What does the future look like for Japan’s retail property sector?
Overall, the industry is set for a robust improvement and stronger prospects.
According to a Savills report, most submarkets in Japan have seen an increase in retail footfall and lower levels of vacancy, and both luxury and non-luxury brands are more optimistic about retail conditions.
Consequently, major retail areas have seen several new openings, with more to come in the pipeline. Indeed, Forever 21 and American Eagle have plans for several physical locations in Japan, reversing their decision to exit Japan in 2019.
Here’s more from Savills:
Going forward, a number of developments across Japan are expected to change respective retail landscapes and gravitate footfall toward these areas. Most notably, Yaesu and Toranomon Azabudai will be transformed in the near future with their major developments.
Further down the road, Shibuya and Shinjuku will see such developments around the main station areas, which could spark change to these submarkets and enhance their image and branding. ESG features will also be another important aspect for these projects to better integrate themselves into the community. As such, investors will need to be aware of the impact that these developments will have on respective submarkets.
Despite the gradual recovery in footfall in central areas experienced in 2022, overall lifestyle changes might change the course of recovery. The Tokyo 23 wards (23W) has experienced a net outflow of people since the onset of the pandemic, meaning that some retail spending has shifted to suburban areas. E-commerce has also changed shopping trends, and may change the function that retail units serve.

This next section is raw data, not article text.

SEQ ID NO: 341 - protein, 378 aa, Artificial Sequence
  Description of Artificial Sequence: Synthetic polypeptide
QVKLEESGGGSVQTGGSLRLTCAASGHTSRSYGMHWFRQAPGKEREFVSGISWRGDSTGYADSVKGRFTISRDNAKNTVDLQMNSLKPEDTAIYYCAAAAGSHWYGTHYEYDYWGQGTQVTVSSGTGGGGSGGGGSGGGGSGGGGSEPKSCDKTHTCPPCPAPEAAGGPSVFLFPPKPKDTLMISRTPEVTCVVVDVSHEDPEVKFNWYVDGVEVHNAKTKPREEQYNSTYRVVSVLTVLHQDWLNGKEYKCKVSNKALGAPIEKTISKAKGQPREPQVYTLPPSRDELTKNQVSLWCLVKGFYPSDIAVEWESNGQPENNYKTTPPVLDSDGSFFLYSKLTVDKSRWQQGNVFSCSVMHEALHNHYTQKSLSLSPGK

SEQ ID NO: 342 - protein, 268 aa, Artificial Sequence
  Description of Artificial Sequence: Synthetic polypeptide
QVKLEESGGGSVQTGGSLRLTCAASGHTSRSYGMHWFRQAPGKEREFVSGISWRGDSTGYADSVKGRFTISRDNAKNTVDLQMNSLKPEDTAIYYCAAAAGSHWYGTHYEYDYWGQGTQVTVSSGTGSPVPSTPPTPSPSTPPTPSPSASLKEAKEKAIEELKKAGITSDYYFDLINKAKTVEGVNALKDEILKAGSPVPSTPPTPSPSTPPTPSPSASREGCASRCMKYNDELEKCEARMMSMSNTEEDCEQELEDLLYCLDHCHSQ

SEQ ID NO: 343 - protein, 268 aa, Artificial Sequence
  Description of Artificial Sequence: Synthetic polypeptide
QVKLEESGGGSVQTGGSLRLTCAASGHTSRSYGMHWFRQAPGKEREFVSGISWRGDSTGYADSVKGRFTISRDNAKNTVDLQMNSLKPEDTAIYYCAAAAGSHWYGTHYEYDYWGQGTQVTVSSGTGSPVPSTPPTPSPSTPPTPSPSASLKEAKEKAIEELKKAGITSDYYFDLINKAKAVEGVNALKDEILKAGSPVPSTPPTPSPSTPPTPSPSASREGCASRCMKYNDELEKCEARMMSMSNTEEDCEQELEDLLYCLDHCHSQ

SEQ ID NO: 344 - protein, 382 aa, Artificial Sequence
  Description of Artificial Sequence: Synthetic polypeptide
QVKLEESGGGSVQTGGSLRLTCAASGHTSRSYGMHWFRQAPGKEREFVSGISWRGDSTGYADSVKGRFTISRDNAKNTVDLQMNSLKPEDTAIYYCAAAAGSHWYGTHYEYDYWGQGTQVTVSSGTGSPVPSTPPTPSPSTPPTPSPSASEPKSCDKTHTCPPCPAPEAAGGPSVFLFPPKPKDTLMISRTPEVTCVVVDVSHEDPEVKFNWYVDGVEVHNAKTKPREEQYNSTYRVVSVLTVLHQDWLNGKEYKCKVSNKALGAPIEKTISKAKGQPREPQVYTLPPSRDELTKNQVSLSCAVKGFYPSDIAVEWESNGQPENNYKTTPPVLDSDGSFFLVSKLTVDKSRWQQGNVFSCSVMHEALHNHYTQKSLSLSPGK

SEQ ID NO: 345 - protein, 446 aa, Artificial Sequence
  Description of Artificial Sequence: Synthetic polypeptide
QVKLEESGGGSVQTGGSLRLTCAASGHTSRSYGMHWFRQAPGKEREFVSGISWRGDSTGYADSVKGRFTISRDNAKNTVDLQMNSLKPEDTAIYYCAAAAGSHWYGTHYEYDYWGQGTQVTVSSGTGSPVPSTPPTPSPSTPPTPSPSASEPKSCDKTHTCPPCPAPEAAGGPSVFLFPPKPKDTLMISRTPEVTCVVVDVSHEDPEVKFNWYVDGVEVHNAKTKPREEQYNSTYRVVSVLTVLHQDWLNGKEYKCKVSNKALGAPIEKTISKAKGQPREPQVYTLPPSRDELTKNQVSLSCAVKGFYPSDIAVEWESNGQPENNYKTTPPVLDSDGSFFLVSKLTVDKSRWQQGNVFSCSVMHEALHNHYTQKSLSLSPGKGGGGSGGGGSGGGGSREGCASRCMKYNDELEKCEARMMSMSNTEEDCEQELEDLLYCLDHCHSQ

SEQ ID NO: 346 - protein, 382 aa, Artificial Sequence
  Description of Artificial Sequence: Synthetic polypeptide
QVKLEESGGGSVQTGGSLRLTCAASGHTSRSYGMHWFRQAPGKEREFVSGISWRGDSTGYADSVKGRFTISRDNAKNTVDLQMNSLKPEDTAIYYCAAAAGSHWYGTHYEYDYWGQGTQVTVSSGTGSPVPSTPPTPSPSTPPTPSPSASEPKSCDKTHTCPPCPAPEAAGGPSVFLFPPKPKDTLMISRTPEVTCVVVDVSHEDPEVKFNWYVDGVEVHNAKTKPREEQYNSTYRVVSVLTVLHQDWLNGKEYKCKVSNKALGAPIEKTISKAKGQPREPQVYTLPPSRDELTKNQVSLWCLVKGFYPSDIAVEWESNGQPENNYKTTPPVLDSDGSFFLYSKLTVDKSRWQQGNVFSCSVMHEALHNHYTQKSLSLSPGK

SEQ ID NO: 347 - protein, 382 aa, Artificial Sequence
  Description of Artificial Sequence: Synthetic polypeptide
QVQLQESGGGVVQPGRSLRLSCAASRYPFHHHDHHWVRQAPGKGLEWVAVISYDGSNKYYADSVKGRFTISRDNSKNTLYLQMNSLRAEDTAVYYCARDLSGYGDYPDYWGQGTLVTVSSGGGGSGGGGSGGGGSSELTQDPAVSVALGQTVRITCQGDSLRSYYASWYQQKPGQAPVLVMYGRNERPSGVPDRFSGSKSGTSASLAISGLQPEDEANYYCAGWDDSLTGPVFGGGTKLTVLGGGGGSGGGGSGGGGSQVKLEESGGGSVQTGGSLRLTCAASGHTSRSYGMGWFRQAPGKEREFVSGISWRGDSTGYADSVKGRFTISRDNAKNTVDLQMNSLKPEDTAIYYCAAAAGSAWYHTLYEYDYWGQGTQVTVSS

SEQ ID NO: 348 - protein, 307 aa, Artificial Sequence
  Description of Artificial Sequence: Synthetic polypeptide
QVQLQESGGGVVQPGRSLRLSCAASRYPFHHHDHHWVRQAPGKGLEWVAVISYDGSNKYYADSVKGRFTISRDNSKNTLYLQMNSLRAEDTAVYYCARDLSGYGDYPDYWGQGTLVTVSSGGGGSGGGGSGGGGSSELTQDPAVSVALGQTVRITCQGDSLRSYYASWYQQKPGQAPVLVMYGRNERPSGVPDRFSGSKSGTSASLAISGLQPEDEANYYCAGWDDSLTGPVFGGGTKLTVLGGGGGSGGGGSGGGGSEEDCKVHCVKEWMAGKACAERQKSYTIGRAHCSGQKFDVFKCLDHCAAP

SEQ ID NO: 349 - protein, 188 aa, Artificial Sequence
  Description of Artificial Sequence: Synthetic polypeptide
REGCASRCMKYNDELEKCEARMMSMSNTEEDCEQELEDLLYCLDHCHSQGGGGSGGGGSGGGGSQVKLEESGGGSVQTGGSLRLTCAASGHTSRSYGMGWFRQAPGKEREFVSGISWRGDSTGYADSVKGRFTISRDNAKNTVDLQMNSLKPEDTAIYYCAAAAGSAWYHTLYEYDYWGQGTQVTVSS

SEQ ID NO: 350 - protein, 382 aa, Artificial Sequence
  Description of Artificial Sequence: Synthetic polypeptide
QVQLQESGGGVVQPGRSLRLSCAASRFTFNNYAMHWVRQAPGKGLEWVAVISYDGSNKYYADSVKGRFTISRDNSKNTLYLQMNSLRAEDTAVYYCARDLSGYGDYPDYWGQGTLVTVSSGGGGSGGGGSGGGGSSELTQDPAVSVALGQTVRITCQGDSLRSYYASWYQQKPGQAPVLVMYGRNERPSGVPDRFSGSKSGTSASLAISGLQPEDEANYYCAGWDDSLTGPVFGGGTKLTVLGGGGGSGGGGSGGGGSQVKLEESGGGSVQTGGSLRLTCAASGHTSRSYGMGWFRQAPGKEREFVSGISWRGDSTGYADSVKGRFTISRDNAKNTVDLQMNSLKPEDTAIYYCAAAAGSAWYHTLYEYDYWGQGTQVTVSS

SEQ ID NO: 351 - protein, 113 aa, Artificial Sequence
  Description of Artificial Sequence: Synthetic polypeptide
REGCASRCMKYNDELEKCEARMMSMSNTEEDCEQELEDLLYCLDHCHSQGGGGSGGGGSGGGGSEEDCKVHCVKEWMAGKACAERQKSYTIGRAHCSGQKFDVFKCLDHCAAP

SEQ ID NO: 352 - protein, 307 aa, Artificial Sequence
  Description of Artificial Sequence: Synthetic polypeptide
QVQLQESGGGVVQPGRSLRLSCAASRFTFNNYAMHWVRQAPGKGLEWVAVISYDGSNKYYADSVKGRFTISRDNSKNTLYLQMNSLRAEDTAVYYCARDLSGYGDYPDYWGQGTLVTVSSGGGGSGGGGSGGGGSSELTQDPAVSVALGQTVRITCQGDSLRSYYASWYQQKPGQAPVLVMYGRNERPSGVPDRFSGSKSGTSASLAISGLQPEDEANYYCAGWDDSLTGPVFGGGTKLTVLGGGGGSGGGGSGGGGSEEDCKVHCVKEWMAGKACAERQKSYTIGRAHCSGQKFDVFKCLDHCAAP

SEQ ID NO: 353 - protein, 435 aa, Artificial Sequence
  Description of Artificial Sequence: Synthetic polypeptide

Some players, even in the struggling F&B sector, have adapted to the new lifestyle changes of consumers and have thus improved their profitability. Hence, tenant and site selections appear increasingly important as the gap between strong and weak retailers widens.
With inflation, albeit modest in Japan, average households with modest wage growth would be expected to tighten their budgets, especially with the prevailing uncertainty of the world economy. On the other hand, inbound tourists will boost some retail spending by leveraging the weak yen, even without Chinese shoppers.
Overall, the retail sector is likely to further improve and have stronger prospects. This is likely to attract the attention of more investors as the yield spreads in the popular logistics and residential sectors appear tight, and retail properties have greater room for value-add opportunities.